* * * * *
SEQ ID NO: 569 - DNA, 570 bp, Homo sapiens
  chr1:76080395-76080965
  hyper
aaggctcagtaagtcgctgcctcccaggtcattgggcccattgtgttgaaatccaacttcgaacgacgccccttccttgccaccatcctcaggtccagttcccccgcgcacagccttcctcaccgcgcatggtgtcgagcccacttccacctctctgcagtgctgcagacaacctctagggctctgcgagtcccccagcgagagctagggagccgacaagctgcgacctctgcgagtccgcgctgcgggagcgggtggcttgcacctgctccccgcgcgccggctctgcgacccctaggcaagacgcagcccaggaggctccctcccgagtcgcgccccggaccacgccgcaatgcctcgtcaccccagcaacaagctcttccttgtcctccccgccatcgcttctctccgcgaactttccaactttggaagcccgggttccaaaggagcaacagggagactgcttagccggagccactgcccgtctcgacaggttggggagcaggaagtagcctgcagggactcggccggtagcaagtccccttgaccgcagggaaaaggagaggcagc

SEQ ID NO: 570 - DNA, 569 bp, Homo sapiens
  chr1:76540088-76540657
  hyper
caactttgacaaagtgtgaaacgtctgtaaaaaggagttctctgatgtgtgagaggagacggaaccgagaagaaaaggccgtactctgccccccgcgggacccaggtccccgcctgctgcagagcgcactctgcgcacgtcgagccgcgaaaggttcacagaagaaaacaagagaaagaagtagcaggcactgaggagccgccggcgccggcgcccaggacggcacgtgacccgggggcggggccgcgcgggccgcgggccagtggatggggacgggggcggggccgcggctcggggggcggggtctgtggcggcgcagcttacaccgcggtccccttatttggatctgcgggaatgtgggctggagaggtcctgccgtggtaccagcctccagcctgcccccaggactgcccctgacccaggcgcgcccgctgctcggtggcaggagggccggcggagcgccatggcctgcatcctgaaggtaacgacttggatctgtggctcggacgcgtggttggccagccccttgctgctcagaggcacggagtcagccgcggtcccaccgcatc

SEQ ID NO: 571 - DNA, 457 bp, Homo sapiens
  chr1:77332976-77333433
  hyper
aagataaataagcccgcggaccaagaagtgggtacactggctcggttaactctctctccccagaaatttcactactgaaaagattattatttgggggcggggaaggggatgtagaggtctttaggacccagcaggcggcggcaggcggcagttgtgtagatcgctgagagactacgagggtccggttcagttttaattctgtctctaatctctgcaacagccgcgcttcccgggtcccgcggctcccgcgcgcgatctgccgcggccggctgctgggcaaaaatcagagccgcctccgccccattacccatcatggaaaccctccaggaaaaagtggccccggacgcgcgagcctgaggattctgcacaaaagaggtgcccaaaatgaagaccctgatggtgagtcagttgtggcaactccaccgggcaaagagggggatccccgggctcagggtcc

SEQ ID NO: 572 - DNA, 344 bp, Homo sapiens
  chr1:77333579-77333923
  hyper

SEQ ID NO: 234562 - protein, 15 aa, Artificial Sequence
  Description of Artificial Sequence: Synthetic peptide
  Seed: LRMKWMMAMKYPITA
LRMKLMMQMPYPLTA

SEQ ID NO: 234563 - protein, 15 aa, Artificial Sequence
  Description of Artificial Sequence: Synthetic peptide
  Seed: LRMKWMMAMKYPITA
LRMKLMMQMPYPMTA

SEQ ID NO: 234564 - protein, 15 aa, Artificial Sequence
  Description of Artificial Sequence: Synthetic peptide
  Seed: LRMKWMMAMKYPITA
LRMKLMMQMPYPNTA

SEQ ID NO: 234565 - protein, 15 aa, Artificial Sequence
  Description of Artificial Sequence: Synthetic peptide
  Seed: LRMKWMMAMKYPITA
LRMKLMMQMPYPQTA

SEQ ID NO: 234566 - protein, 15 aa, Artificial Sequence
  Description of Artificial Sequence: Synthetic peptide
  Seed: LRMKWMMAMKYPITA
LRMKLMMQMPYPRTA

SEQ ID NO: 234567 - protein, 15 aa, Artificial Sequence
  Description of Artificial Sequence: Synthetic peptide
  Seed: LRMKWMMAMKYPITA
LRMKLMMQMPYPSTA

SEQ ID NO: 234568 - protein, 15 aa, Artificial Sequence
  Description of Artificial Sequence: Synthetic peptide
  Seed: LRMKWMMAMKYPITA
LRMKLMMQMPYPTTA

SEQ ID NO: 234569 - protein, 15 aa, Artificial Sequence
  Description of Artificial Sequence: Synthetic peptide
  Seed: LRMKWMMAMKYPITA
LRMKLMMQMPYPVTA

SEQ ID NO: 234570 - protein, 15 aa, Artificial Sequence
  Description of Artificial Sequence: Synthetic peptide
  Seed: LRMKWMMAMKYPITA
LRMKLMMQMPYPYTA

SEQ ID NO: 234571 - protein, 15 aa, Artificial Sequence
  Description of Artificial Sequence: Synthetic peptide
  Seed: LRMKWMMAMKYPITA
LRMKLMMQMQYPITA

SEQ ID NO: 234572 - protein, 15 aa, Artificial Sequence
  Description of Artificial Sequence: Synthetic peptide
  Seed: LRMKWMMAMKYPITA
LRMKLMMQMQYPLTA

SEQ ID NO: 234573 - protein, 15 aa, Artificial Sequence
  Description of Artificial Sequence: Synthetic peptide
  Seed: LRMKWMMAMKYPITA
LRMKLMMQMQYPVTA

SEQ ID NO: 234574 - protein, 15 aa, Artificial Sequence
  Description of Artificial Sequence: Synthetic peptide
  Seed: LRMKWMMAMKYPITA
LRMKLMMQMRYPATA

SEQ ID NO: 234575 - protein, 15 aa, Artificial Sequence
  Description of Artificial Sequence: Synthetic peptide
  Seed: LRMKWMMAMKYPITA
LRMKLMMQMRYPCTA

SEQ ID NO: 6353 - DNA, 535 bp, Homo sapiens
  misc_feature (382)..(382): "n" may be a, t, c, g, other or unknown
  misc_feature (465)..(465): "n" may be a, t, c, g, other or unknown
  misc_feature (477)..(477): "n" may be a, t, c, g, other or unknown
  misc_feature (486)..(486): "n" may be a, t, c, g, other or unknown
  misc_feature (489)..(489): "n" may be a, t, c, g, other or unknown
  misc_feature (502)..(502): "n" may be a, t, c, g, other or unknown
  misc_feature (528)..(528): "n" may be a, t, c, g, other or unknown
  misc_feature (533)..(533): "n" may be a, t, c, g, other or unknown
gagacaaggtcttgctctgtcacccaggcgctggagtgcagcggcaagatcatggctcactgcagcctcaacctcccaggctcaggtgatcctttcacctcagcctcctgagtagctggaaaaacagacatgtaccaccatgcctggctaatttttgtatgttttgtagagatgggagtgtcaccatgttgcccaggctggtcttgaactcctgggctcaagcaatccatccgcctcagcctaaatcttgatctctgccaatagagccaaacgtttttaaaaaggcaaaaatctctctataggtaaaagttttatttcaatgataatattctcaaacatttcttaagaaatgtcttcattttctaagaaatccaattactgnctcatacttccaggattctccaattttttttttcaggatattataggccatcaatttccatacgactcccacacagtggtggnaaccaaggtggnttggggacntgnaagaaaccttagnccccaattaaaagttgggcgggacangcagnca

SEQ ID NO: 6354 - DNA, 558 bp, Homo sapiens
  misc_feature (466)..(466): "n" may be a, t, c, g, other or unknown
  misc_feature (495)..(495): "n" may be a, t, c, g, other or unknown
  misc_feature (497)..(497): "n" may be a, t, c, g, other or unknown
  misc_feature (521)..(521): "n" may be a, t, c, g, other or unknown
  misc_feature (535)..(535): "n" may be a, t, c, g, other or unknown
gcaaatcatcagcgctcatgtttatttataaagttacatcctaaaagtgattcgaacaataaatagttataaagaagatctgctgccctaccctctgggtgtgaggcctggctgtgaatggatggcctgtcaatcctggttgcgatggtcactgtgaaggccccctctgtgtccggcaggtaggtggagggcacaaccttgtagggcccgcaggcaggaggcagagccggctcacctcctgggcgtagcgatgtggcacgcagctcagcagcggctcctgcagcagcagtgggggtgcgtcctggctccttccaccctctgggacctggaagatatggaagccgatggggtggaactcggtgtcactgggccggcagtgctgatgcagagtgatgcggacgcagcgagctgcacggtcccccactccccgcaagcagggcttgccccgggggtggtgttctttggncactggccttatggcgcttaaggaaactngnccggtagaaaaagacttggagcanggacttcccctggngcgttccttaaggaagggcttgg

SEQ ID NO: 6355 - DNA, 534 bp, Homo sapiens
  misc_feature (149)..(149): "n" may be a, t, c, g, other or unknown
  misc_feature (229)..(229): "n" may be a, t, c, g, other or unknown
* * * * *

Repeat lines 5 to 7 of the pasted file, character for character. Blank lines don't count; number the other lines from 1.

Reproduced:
SEQ ID NO: 570 - DNA, 569 bp, Homo sapiens
  chr1:76540088-76540657
  hyper